SQL Server Master Database Location
By: Eric Blinn
In this section we will cover questions like: what files does the master database use, where are the files stored on disk, can the files be moved and more.
What physical files, names, locations, etc. support the SQL Server master database?
The master database is made up of 2 files -- one data file and one log file. The data file has the logical name "master" and the default file name of "master.mdf". The log file is "mastlog" and "mastlog.ldf" respectively.
This is the minimum number of files for any database and master is no exception. As such, neither of these files can be dropped. Neither an additional data file nor log file can be added to the master database.
SQL Server will let you rename either the physical or logical names of these 2 files, but there is really no reason to complete an operation like this. It serves no purpose and would add an unnecessary layer of complexity to the environment.
Where do I find the SQL Server master database on disk and in SSMS?
There are a few ways to find the files in SSMS. They can be read from the sysfiles DMO.
select name, filename from master.sys.sysfiles
The files are also listed in the database properties window. If you right click on the master database in the SSMS Object Explorer and select Properties the following window will open.
The files can be found listed in the SQL Server configuration manager. Under "Services" find "SQL Server (INSTANCENAME)" and open the properties window. Browse to the "Startup Parameters" tab. The -d parameter is the master database data file. The -l parameter is the master database log file (FYI – that’s a lowercase L, not an I). Also, the -e is the plain text error log file.
When browsing on disk, the files look like any other set of database files.
Does it make a difference where the SQL Server master database files reside (do they need to be on C:\, SAN, etc.)?
The master database files should be stored with the other database files of the same type. This generally means NOT on the C: drive. The screenshots in this post are showing the C: drive only because they are from a local instance on this author’s laptop that contains only a C: drive.
Starting with SQL Server 2012, the installer offers a choice about where to store the system database files. Prior to that they would be installed with the SQL Server binaries and have to be moved to the target location post installation.
Can the SQL Server master database be moved?
Yes! The master database files can be moved. The are 2 methods to move the master database files, but they both follow the same basic steps. The process to move the master database is as follows.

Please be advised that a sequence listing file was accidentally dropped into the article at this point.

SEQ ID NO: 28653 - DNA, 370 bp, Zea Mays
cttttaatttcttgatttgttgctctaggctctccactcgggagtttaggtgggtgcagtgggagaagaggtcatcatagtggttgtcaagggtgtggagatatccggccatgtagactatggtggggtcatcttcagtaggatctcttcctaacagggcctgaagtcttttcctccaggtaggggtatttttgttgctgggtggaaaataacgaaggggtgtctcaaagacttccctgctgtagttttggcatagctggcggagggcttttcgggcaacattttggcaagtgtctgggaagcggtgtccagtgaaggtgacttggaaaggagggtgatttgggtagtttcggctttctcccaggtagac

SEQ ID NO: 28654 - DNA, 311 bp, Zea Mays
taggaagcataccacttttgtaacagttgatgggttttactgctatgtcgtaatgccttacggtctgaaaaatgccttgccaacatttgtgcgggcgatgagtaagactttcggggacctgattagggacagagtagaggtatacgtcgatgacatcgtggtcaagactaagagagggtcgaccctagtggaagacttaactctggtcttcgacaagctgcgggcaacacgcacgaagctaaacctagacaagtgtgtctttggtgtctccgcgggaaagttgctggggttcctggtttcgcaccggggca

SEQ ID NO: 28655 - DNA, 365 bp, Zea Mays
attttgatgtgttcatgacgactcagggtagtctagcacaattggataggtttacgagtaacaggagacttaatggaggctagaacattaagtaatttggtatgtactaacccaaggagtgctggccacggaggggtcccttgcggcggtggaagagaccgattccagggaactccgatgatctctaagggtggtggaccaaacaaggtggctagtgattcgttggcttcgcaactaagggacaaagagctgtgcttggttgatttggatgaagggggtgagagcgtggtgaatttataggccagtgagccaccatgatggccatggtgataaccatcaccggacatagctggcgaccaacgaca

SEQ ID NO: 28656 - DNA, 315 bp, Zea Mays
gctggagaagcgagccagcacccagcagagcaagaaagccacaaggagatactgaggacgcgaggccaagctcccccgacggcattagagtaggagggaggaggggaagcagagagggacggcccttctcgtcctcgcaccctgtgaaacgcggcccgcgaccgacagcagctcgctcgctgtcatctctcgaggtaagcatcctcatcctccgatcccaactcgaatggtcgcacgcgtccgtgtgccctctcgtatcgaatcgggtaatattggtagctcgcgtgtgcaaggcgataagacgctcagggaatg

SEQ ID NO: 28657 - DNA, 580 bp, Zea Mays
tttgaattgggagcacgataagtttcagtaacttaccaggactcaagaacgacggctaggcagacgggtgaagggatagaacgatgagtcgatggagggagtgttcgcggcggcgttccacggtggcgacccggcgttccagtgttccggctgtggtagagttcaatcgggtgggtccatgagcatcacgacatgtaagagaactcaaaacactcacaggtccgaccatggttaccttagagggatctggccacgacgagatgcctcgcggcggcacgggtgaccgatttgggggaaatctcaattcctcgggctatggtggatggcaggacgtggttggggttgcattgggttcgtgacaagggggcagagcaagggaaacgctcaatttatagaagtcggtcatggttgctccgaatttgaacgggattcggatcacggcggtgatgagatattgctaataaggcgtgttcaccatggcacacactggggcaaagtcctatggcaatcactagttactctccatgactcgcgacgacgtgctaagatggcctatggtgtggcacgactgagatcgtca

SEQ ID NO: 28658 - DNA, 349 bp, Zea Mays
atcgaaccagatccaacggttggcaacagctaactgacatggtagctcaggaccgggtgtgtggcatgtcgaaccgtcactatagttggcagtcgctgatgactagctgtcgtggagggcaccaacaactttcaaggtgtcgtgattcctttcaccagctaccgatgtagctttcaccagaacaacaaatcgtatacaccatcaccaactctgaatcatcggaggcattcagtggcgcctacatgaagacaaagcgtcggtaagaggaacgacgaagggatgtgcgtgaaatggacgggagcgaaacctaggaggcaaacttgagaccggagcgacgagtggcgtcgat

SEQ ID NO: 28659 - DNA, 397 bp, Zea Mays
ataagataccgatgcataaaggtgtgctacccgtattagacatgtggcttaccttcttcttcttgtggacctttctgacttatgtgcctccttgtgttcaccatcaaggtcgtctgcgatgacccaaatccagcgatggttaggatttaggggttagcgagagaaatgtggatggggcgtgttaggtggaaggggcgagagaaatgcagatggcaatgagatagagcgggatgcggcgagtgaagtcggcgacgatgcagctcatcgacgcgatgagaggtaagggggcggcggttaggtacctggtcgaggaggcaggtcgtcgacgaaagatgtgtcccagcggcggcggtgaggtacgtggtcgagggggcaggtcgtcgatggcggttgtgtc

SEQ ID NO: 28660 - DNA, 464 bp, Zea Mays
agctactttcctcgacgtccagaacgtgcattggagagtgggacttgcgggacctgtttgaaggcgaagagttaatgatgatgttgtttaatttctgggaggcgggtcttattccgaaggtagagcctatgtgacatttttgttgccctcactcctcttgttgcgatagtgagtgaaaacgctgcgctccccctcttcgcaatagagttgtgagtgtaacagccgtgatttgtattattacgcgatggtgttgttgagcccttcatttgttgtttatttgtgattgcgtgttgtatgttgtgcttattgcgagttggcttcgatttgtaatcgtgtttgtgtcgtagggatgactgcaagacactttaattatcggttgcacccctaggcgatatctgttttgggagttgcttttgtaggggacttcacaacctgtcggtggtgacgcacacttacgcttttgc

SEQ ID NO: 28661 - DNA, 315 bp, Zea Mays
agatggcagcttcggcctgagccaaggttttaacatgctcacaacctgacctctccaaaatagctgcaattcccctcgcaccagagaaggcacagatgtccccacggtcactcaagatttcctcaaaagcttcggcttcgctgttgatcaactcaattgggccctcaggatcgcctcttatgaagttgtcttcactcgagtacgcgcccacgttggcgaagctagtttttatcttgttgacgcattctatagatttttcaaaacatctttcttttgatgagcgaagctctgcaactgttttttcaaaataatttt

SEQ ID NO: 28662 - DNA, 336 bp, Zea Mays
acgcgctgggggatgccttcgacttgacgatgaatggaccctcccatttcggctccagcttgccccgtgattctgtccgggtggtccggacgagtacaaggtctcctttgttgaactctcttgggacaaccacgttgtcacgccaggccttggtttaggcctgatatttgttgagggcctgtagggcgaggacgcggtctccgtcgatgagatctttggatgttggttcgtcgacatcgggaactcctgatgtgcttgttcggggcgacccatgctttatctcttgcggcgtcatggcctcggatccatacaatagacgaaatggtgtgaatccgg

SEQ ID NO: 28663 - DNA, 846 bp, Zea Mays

Step 1. Inform SQL Server that during the next startup of the service the master database data and/or log file will be somewhere else.
During this step it will allow the file name to be changed, but it is not advised to change the physical file name or extension. This is where there are 2 choices to complete the task. Neither option actually moves the files, they will need to be manually moved in a later step.
The following code will change the expected location of the master database data and log files respectively from wherever they currently are to the root C drive. It assumes the default logical names.
ALTER DATABASE [master] MODIFY FILE ( NAME = master , FILENAME = 'C:\master.mdf' ) ALTER DATABASE [master] MODIFY FILE ( NAME = mastlog, FILENAME = 'C:\mastlog.mdf' )
Executing these commands will give a very clear output message.
The file "mastlog" has been modified in the system catalog. The new path will be used the next time the database is started.
The other method to change the expected location of the master database data and/or log files is to modify the startup parameters of the SQL Server service using the Configuration Manager utility. Simply click on the file that needs to be moved, D or L, type or paste in the new path, then click update.
Applying a change to one of these parameters gives another very clear output message.
Step 2. Now that SQL Server has been informed of the new location(s), stop the SQL Server service so that it will release its lock on those 2 master database files.
Step 3. Move the file(s) to the intended location(s) that were given to SQL Server in step 1.
Step 4. Start the SQL Server service.
SQL Server should start right up. In the event it fails, the UI is unlikely to provide a useful message. The Application Log in the Event Viewer application (if using Windows) usually provides much clearer guidance as to the problem.